The First Time Ever I Took The Stage
The first time I went on stage as a stand up comic was in November of 1982 at Washington D.C.’s Garvins Laugh Inn.
I had been working as a bartender at another nightclub when I met Brenda, who convinced me to give stand up a try. Michael Jackson’s Billie Jean was the song of the day and at 25 years old, I had no idea what I was going to do for the rest of my life. That all changed when Brenda found Garvin’s, who had an open mike with a simple sign up for 5 minutes on stage. We chose the Sunday before Thanksgiving and prepared by hanging out at IHOP, writing jokes on the placemat. Five minutes didn’t seem like a lot of time and I was pretty sure I could fill it. Brenda laughed at everything that came out of my mouth, calling me the second coming of Richard Pryor. I knew I had funny bones, but I also knew I was a long way from King Richard. As the official class clown of Detroit’s Northwestern High in 1975, I had some experience with the funny. I also performed in several school dramatic productions including Langston Hughes’ Simply Heavenly.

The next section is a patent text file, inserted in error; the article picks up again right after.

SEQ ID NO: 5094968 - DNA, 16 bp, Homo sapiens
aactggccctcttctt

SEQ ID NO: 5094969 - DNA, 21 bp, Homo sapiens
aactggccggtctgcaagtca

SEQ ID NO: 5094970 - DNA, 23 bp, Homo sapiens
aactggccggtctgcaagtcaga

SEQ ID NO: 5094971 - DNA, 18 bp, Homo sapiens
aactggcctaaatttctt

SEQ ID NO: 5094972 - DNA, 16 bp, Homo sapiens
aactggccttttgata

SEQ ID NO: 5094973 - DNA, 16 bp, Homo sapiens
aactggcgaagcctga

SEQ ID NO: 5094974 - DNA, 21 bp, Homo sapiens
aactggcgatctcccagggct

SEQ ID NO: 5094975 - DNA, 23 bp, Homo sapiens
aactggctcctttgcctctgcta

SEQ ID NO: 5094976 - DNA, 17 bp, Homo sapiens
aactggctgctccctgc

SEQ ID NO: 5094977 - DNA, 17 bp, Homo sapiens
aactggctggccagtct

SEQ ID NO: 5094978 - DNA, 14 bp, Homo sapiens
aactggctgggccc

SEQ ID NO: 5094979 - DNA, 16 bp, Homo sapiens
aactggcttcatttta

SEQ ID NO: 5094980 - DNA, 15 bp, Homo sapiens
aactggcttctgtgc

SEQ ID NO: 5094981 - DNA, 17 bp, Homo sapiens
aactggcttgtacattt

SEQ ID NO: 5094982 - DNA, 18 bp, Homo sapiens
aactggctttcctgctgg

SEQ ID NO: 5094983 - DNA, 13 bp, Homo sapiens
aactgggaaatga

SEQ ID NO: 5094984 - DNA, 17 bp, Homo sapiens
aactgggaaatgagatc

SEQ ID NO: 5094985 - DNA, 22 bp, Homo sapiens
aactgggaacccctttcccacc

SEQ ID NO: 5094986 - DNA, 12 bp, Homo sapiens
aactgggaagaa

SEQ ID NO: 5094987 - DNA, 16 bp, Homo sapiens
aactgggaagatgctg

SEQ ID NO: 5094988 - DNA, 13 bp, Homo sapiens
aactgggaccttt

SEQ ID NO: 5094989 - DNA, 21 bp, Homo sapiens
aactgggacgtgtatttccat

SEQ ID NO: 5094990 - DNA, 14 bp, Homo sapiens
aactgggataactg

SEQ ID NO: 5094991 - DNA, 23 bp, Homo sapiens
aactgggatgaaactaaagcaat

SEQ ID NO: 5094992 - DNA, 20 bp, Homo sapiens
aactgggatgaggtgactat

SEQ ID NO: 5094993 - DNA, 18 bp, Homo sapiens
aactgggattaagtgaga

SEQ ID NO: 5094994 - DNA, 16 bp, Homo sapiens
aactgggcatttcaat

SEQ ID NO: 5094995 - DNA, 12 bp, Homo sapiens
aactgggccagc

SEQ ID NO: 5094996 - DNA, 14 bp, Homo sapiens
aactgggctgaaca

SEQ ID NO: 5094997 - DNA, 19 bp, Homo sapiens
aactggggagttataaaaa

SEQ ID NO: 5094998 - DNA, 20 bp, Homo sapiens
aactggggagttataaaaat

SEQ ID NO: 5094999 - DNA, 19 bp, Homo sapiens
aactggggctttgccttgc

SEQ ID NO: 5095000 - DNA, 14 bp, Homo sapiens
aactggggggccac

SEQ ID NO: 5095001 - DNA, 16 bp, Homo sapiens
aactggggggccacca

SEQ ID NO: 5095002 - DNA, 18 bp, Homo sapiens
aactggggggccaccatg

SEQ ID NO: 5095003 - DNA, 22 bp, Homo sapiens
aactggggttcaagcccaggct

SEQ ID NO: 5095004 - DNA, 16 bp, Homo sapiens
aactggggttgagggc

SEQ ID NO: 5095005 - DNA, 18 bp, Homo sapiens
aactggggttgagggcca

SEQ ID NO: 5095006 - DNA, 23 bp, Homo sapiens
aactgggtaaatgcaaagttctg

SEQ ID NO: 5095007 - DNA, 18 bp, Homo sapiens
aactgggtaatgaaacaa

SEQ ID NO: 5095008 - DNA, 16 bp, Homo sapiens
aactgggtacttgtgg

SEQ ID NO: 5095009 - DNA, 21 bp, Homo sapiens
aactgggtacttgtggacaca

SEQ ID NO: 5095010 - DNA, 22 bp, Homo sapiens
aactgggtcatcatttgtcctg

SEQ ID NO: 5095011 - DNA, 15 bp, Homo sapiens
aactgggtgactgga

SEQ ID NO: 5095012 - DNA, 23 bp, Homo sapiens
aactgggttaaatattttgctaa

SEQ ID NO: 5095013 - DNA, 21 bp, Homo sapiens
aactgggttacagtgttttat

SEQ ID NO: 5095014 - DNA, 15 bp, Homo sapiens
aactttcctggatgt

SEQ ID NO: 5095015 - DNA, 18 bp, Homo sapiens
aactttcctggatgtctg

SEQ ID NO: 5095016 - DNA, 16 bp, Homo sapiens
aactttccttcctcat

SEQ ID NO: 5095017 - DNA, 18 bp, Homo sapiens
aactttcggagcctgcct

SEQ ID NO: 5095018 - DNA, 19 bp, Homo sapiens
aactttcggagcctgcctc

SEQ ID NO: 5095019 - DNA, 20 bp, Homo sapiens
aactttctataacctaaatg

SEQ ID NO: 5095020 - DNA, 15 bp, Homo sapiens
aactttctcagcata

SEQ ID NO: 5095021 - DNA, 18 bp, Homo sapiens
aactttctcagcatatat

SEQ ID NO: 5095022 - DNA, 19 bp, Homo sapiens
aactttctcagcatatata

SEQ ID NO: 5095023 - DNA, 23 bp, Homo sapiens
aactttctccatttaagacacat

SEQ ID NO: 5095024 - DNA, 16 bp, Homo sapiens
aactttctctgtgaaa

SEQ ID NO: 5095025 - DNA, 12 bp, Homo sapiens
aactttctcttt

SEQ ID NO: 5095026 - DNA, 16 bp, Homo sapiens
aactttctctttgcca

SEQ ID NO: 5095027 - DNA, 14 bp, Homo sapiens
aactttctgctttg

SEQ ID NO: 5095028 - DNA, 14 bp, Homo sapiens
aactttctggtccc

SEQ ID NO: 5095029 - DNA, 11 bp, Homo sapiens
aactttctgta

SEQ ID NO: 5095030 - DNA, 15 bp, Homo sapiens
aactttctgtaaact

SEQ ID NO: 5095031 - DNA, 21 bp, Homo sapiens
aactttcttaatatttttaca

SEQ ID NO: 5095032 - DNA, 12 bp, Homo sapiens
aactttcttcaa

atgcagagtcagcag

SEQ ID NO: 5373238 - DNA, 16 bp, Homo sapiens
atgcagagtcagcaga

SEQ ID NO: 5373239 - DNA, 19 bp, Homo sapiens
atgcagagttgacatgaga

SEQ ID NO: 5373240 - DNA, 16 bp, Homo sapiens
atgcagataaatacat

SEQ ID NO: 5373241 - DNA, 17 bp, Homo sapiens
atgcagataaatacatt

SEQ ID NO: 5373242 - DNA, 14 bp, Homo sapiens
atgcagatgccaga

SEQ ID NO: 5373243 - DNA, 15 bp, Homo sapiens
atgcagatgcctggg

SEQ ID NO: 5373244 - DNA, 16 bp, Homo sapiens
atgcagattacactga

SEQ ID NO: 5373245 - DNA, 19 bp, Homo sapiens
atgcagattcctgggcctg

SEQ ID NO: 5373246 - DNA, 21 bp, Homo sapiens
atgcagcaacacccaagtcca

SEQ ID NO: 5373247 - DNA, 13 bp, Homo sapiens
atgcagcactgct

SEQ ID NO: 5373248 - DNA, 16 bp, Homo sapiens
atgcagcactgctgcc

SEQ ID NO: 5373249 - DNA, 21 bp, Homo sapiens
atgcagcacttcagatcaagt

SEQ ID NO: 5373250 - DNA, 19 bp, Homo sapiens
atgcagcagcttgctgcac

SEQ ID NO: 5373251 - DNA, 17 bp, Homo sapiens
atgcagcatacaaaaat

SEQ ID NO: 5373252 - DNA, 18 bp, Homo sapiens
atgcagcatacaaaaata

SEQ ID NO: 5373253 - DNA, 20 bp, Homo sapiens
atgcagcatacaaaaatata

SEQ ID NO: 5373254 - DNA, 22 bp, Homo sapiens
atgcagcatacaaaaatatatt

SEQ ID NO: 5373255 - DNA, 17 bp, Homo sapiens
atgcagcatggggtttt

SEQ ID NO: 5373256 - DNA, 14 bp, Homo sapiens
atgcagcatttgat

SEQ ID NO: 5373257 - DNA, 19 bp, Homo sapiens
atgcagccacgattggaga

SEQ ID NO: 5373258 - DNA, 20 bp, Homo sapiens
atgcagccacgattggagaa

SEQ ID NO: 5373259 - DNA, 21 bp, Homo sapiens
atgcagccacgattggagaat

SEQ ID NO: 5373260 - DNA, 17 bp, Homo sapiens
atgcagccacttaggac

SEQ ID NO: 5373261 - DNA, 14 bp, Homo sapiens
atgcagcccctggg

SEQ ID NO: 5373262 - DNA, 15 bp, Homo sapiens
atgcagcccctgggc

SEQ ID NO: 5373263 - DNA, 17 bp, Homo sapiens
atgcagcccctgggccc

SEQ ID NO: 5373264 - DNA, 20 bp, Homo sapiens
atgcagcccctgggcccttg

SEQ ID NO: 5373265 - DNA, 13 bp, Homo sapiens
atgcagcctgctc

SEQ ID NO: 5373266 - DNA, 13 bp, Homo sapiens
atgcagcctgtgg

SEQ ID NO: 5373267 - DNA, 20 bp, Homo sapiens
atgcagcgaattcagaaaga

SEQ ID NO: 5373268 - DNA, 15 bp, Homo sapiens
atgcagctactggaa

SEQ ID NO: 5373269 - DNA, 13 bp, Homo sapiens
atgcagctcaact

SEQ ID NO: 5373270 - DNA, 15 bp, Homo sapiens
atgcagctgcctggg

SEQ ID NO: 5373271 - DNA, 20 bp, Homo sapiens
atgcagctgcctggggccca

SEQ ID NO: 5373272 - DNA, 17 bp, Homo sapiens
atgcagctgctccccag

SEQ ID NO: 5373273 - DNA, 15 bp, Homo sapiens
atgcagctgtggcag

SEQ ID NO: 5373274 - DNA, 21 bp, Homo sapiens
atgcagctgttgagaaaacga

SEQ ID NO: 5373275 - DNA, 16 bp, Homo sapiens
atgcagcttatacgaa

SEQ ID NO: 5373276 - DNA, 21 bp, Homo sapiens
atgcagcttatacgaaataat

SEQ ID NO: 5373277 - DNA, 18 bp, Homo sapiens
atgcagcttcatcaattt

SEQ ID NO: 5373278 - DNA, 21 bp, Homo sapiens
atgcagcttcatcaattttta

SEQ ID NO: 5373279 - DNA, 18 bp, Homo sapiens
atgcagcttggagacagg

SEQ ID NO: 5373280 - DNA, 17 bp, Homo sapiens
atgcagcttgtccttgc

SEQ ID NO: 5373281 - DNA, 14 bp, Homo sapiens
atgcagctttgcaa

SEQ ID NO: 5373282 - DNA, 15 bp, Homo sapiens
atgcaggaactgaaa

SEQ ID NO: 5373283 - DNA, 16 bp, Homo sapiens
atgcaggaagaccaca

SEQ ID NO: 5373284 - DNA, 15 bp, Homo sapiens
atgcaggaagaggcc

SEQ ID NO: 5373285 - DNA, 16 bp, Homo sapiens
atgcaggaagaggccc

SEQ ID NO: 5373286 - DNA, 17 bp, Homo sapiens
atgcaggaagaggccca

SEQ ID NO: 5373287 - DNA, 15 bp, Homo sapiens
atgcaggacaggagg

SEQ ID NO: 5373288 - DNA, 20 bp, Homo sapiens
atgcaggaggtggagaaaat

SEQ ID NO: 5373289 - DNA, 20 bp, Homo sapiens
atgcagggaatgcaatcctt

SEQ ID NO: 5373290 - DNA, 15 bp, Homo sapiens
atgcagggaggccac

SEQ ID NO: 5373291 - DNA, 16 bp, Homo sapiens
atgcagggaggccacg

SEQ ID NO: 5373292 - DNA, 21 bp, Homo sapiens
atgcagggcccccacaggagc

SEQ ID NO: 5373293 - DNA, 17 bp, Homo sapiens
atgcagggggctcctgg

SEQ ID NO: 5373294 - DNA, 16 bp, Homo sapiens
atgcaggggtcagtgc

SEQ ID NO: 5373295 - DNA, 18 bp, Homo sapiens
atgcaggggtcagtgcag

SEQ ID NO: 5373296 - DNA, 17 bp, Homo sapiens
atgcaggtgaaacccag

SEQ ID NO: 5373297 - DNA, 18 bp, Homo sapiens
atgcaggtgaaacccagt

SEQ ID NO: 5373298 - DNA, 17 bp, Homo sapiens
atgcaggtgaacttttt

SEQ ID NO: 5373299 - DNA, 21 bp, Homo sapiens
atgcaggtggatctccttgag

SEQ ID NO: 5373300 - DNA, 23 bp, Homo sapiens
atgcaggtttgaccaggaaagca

Brenda, now my girlfriend, drove me to Garvin’s on that first Sunday night. I signed up at number 13, not the luckiest number in the world. A shot of Hennessey calmed my nerves as I waited for my turn. The sparse crowd was laughing at the acts before me and as it came closer to my time, I began to feel the butterflies. What the hell was I about to do? Damn, those lights seem to be overly bright! What if they don’t laugh? Did I leave the iron on?
When my name was called, I knew it was too late to turn back so I might as well get up there and see whats what. I remember it being nothing like I expected, I was that deer in the headlights. My mouth was not responding correctly to signals from my brain, like I was getting only 2 bars of power. I could barely see Brenda’s silhouette in the middle of the room and that was about it. I don’t remember what my opening line was but all it did was confirm to the audience I had never done this before. When it was over, I got one good laugh in my 5 minutes. The rest of my set was received kindly enough, and I was very happy they didn’t boo. I felt they could see where I was going but didn’t have the skill to take them all the way there. I sort of dropped them off at the bus stop. Luckily I saved the bit they laughed at for last, it’s always a good thing to close strong.
“I used to work at a record store in Detroit. One night Leon Spinks came in and said “ I wanna buy some reefa”. I said we don’t sell marijuana and he said “no, Reefa Franklin”.